The Soufriere Tree (Spachea Perforatais) is a member of a fairly well represented family of the tropical floras, namely MALPIGHIACEAE. Other well-known members are common Barbados Cherry – malpighia punicifolia, and an attractive forest tree, the Shoemaker’s Bark or Bois-tan – Byromina spicata, whose abundant yellow flowers and dark green foliage render it quite conspicuous when in bloom. The family is otherwise represented as trees, shrubs and vines.
The Soufriere Tree was reported to have been collected on the volcano in 1804, i.e. before the 1812 eruption, by Dr. Alexander Anderson the Medical Officer and Curator of the Gardens. An old specimen of the tree is still to be found in the Gardens along with much younger trees. The tree air layers quite readily and will root from cuttings also; but both trees at the Gardens have never fronted or set seed even though they flower profusely and the flowers are bisexual.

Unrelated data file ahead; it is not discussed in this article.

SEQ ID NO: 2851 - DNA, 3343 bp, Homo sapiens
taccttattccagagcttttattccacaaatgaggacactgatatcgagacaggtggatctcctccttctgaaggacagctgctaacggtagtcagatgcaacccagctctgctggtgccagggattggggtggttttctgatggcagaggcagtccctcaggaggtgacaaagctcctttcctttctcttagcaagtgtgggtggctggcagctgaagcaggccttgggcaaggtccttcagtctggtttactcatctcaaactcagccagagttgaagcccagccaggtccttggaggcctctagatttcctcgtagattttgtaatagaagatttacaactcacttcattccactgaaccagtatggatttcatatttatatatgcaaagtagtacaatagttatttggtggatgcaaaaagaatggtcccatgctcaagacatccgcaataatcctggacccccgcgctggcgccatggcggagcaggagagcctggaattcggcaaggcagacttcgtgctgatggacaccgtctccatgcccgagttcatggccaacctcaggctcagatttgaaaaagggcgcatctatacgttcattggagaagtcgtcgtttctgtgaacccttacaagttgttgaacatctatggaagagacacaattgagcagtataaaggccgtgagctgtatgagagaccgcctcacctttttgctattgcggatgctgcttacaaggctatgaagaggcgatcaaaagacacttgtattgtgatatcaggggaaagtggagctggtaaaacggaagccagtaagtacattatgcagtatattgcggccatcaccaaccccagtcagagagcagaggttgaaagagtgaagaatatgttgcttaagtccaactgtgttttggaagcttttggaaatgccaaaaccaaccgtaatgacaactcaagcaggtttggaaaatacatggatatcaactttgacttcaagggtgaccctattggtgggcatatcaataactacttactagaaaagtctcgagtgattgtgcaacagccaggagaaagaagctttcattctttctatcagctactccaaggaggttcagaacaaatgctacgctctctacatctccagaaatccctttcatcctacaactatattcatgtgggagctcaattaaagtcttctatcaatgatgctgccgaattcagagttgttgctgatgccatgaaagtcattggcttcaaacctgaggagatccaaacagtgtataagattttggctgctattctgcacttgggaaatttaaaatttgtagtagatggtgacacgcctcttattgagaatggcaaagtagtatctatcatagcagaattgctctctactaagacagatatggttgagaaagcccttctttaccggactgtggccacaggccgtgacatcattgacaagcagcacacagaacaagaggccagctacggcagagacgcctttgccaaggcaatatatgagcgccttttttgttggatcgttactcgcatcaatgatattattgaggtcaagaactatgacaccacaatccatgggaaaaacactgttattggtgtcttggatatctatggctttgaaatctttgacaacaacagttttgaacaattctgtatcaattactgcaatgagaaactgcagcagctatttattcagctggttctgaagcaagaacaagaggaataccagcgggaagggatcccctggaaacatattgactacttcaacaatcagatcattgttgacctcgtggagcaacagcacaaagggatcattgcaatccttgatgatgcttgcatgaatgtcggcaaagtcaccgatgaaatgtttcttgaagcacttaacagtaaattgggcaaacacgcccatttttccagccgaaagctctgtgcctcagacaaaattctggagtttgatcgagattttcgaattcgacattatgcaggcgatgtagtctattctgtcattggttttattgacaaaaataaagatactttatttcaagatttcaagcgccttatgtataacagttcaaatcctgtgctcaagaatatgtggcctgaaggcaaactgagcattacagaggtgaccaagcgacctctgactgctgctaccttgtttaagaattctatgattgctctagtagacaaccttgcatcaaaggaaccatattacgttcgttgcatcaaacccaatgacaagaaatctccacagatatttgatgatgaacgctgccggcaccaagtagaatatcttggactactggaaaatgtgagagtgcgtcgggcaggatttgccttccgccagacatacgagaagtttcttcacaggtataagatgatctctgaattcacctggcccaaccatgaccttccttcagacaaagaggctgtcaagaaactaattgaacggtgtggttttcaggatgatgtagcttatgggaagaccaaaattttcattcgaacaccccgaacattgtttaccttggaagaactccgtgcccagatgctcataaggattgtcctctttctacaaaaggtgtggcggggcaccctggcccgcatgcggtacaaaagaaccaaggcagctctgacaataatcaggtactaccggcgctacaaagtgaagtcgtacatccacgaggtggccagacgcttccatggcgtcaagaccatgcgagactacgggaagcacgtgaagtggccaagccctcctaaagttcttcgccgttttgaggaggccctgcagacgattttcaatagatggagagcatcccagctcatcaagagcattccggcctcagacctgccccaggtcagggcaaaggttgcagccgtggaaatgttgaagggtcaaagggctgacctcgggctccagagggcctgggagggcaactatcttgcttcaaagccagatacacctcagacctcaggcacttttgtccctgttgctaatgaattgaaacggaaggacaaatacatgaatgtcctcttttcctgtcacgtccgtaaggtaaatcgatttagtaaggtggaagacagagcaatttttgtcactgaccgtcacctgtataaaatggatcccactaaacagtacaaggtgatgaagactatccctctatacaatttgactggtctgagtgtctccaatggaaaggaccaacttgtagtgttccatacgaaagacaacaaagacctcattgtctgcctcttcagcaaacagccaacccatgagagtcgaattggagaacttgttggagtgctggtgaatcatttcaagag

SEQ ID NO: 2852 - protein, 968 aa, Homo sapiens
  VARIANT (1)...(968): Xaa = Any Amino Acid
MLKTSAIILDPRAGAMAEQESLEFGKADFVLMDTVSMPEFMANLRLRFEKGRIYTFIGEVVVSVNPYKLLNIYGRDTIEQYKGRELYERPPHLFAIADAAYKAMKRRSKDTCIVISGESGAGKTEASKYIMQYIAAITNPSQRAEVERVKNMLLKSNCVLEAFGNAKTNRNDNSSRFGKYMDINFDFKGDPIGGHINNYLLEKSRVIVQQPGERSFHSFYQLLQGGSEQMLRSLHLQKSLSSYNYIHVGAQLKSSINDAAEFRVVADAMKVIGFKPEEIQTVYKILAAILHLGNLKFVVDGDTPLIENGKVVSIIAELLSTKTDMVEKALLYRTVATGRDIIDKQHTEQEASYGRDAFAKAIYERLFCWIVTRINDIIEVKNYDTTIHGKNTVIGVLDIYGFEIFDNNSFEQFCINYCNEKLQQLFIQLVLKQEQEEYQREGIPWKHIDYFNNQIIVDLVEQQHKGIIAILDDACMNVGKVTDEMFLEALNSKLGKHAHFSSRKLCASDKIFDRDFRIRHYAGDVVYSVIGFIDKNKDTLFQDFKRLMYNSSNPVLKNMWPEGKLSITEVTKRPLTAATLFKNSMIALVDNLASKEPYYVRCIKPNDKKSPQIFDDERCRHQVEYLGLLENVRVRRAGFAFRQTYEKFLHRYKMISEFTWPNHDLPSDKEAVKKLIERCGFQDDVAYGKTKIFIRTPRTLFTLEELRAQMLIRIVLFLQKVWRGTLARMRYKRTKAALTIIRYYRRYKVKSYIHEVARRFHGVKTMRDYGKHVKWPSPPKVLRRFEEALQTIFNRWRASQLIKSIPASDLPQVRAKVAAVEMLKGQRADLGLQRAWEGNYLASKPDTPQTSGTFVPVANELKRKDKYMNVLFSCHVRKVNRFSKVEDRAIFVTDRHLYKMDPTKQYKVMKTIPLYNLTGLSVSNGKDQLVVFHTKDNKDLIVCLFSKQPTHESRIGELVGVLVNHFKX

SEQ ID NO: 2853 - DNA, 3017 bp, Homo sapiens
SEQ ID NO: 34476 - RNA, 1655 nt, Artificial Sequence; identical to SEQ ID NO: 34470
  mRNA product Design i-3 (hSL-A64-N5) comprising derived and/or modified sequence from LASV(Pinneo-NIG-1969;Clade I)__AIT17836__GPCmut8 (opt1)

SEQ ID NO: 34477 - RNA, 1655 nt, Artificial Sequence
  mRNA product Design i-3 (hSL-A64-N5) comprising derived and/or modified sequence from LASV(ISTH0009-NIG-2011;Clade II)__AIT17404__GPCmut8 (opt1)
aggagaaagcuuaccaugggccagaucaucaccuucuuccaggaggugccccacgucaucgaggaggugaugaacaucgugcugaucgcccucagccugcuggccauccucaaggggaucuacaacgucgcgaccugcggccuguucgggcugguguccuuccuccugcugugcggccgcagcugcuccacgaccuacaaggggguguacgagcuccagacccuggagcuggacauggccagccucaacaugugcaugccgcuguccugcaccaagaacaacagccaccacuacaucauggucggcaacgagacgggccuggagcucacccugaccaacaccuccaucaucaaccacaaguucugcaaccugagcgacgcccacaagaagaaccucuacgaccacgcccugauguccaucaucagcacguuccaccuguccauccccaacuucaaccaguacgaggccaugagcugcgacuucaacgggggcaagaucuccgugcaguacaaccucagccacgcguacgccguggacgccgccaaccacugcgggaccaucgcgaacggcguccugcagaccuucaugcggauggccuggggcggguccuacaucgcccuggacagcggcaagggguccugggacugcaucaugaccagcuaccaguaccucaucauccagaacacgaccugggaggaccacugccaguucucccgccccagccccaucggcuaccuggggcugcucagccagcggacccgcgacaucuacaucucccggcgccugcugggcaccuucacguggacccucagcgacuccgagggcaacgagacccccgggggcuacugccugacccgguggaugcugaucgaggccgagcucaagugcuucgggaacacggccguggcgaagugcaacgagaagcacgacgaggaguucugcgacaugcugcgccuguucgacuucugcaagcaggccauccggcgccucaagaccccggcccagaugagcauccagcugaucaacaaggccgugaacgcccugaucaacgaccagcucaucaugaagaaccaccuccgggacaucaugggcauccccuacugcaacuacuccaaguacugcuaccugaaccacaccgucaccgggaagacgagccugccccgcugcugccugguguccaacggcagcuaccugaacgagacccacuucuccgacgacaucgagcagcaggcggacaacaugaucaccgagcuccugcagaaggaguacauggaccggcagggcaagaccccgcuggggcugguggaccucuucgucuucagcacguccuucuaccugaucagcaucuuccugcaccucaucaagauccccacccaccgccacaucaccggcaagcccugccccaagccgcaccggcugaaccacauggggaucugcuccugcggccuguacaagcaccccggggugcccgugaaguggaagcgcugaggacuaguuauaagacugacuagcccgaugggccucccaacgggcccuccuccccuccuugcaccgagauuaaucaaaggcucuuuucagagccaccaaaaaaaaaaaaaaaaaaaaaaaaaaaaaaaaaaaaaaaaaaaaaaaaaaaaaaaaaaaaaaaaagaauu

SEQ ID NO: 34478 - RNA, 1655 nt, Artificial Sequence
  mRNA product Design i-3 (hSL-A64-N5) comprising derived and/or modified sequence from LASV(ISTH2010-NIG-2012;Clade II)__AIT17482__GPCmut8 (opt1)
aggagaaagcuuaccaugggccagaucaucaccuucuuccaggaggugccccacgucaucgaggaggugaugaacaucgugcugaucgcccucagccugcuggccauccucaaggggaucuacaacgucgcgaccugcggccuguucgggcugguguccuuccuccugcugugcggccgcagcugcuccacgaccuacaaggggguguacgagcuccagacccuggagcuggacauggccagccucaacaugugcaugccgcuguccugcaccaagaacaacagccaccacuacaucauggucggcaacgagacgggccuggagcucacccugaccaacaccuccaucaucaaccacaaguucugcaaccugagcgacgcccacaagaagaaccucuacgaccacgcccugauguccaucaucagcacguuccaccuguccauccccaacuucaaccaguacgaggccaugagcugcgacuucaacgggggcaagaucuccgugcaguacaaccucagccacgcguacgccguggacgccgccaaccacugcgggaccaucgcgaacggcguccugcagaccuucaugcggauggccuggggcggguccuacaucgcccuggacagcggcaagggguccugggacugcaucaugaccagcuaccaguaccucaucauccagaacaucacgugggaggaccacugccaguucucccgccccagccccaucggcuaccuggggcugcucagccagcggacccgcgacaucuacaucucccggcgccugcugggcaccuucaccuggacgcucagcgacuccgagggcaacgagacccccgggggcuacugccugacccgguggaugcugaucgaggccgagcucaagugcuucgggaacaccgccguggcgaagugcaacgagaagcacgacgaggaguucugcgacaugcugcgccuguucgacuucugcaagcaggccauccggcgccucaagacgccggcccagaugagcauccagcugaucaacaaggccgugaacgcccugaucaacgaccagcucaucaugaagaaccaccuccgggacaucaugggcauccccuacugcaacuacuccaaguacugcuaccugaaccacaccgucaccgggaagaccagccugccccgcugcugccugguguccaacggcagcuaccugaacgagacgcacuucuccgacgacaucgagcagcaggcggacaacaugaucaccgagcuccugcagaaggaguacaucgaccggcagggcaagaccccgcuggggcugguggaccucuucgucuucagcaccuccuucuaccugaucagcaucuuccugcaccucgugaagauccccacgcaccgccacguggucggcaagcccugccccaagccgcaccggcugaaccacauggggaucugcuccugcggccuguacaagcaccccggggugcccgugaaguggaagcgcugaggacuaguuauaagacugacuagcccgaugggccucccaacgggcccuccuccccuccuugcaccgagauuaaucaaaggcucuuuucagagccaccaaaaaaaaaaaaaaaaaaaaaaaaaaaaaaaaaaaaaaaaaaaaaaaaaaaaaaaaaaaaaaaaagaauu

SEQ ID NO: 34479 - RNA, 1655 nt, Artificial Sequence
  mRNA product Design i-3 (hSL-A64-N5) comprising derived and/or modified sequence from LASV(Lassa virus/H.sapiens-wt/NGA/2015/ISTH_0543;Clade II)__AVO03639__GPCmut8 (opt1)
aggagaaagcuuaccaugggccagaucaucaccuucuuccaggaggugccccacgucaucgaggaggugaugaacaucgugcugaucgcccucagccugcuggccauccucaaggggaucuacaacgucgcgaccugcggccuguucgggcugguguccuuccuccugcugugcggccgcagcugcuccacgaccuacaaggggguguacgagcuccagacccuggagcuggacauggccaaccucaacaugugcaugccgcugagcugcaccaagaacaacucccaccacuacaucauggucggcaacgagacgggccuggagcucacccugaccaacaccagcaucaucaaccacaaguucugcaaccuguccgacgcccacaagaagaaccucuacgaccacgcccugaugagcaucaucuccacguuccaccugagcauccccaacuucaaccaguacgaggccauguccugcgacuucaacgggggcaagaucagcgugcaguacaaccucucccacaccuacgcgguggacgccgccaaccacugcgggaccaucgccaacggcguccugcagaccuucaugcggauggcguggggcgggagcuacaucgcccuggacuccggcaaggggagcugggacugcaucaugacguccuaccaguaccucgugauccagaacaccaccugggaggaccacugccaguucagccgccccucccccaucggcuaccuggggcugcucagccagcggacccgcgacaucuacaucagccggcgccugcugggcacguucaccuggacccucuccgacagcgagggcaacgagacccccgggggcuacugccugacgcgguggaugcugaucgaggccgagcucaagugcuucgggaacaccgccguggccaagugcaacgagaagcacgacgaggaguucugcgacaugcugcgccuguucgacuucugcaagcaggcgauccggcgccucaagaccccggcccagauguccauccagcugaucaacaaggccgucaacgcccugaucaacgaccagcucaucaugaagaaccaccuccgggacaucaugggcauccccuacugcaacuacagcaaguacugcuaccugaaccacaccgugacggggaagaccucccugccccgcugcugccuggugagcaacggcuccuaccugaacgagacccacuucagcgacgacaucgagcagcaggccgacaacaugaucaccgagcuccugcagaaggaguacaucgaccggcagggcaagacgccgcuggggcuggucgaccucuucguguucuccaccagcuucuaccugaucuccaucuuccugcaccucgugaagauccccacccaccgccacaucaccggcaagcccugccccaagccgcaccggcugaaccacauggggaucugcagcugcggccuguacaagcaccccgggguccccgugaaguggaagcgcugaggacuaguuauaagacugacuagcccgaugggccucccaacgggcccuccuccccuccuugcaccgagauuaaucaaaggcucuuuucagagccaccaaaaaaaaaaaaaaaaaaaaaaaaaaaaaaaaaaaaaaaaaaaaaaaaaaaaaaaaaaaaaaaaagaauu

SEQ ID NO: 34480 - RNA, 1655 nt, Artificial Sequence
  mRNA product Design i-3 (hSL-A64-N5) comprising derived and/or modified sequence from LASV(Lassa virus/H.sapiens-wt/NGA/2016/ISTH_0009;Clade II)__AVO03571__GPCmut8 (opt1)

The Soufriere tree is an untidy brancher with simple lanceolate leaves - about two inches to four inches long by one inch wide. The individual flower is small, but they are borne in profuse pendent racemes about two inches to three inches long, which are of a quite attractive pale pink hue.
The outstanding feature of the Soufriere tree is that it is a purely endemic species, known from Saint Vincent only and it has not been found in the wild since. Specimens were sent to few Gardens and a plant has been established in the Trinidad Botanic Gardens. Most plants in the Lesser Antilles are widely distributed, endemic species being relatively few, unlike in the Greater Antilles where they are far commoner.